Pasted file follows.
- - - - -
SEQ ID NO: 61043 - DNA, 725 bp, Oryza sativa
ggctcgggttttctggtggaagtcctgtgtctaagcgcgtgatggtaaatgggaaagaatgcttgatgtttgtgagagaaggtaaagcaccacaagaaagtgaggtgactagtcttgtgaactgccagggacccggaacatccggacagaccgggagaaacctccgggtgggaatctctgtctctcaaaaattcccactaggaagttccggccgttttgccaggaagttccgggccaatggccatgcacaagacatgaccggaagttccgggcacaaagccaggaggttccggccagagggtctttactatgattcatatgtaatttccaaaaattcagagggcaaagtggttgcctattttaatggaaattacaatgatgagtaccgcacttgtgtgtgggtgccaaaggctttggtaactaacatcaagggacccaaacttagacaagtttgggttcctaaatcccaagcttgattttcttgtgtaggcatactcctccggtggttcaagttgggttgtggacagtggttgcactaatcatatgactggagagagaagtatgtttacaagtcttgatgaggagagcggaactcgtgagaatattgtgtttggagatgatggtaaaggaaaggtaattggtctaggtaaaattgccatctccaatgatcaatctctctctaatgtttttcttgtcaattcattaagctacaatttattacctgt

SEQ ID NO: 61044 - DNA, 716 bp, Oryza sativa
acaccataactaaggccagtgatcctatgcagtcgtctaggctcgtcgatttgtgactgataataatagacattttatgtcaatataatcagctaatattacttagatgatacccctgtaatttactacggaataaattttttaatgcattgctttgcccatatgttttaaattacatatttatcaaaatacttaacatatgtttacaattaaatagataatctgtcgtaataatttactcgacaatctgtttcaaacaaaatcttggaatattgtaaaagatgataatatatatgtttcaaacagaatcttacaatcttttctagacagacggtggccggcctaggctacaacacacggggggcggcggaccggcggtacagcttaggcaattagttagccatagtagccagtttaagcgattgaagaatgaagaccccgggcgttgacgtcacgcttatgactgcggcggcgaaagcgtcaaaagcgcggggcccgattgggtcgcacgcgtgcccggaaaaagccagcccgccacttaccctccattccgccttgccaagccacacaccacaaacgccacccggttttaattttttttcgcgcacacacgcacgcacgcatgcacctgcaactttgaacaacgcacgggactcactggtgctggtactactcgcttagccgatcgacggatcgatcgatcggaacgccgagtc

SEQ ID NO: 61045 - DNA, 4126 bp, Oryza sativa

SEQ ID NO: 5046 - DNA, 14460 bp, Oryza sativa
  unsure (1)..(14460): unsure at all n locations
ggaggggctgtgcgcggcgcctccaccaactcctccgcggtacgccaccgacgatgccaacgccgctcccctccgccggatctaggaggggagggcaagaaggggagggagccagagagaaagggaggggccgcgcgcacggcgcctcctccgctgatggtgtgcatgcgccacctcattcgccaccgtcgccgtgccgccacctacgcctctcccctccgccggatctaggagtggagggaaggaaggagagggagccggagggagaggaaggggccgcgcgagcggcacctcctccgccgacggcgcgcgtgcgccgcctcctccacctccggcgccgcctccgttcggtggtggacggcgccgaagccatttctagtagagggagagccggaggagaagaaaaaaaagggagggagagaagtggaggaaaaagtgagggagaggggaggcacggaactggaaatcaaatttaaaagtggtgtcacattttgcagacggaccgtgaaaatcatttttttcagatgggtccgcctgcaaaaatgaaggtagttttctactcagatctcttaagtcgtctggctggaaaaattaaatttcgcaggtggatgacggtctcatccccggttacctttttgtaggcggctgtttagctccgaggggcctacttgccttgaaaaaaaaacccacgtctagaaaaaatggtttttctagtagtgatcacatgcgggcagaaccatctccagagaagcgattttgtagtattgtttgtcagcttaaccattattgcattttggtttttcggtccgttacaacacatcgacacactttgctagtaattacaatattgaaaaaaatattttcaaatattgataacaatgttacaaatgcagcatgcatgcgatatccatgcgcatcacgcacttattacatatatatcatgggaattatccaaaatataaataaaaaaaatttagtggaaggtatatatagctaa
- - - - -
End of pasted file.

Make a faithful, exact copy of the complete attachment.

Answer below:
SEQ ID NO: 61043 - DNA, 725 bp, Oryza sativa
ggctcgggttttctggtggaagtcctgtgtctaagcgcgtgatggtaaatgggaaagaatgcttgatgtttgtgagagaaggtaaagcaccacaagaaagtgaggtgactagtcttgtgaactgccagggacccggaacatccggacagaccgggagaaacctccgggtgggaatctctgtctctcaaaaattcccactaggaagttccggccgttttgccaggaagttccgggccaatggccatgcacaagacatgaccggaagttccgggcacaaagccaggaggttccggccagagggtctttactatgattcatatgtaatttccaaaaattcagagggcaaagtggttgcctattttaatggaaattacaatgatgagtaccgcacttgtgtgtgggtgccaaaggctttggtaactaacatcaagggacccaaacttagacaagtttgggttcctaaatcccaagcttgattttcttgtgtaggcatactcctccggtggttcaagttgggttgtggacagtggttgcactaatcatatgactggagagagaagtatgtttacaagtcttgatgaggagagcggaactcgtgagaatattgtgtttggagatgatggtaaaggaaaggtaattggtctaggtaaaattgccatctccaatgatcaatctctctctaatgtttttcttgtcaattcattaagctacaatttattacctgt

SEQ ID NO: 61044 - DNA, 716 bp, Oryza sativa
acaccataactaaggccagtgatcctatgcagtcgtctaggctcgtcgatttgtgactgataataatagacattttatgtcaatataatcagctaatattacttagatgatacccctgtaatttactacggaataaattttttaatgcattgctttgcccatatgttttaaattacatatttatcaaaatacttaacatatgtttacaattaaatagataatctgtcgtaataatttactcgacaatctgtttcaaacaaaatcttggaatattgtaaaagatgataatatatatgtttcaaacagaatcttacaatcttttctagacagacggtggccggcctaggctacaacacacggggggcggcggaccggcggtacagcttaggcaattagttagccatagtagccagtttaagcgattgaagaatgaagaccccgggcgttgacgtcacgcttatgactgcggcggcgaaagcgtcaaaagcgcggggcccgattgggtcgcacgcgtgcccggaaaaagccagcccgccacttaccctccattccgccttgccaagccacacaccacaaacgccacccggttttaattttttttcgcgcacacacgcacgcacgcatgcacctgcaactttgaacaacgcacgggactcactggtgctggtactactcgcttagccgatcgacggatcgatcgatcggaacgccgagtc

SEQ ID NO: 61045 - DNA, 4126 bp, Oryza sativa

SEQ ID NO: 5046 - DNA, 14460 bp, Oryza sativa
  unsure (1)..(14460): unsure at all n locations
ggaggggctgtgcgcggcgcctccaccaactcctccgcggtacgccaccgacgatgccaacgccgctcccctccgccggatctaggaggggagggcaagaaggggagggagccagagagaaagggaggggccgcgcgcacggcgcctcctccgctgatggtgtgcatgcgccacctcattcgccaccgtcgccgtgccgccacctacgcctctcccctccgccggatctaggagtggagggaaggaaggagagggagccggagggagaggaaggggccgcgcgagcggcacctcctccgccgacggcgcgcgtgcgccgcctcctccacctccggcgccgcctccgttcggtggtggacggcgccgaagccatttctagtagagggagagccggaggagaagaaaaaaaagggagggagagaagtggaggaaaaagtgagggagaggggaggcacggaactggaaatcaaatttaaaagtggtgtcacattttgcagacggaccgtgaaaatcatttttttcagatgggtccgcctgcaaaaatgaaggtagttttctactcagatctcttaagtcgtctggctggaaaaattaaatttcgcaggtggatgacggtctcatccccggttacctttttgtaggcggctgtttagctccgaggggcctacttgccttgaaaaaaaaacccacgtctagaaaaaatggtttttctagtagtgatcacatgcgggcagaaccatctccagagaagcgattttgtagtattgtttgtcagcttaaccattattgcattttggtttttcggtccgttacaacacatcgacacactttgctagtaattacaatattgaaaaaaatattttcaaatattgataacaatgttacaaatgcagcatgcatgcgatatccatgcgcatcacgcacttattacatatatatcatgggaattatccaaaatataaataaaaaaaatttagtggaaggtatatatagctaa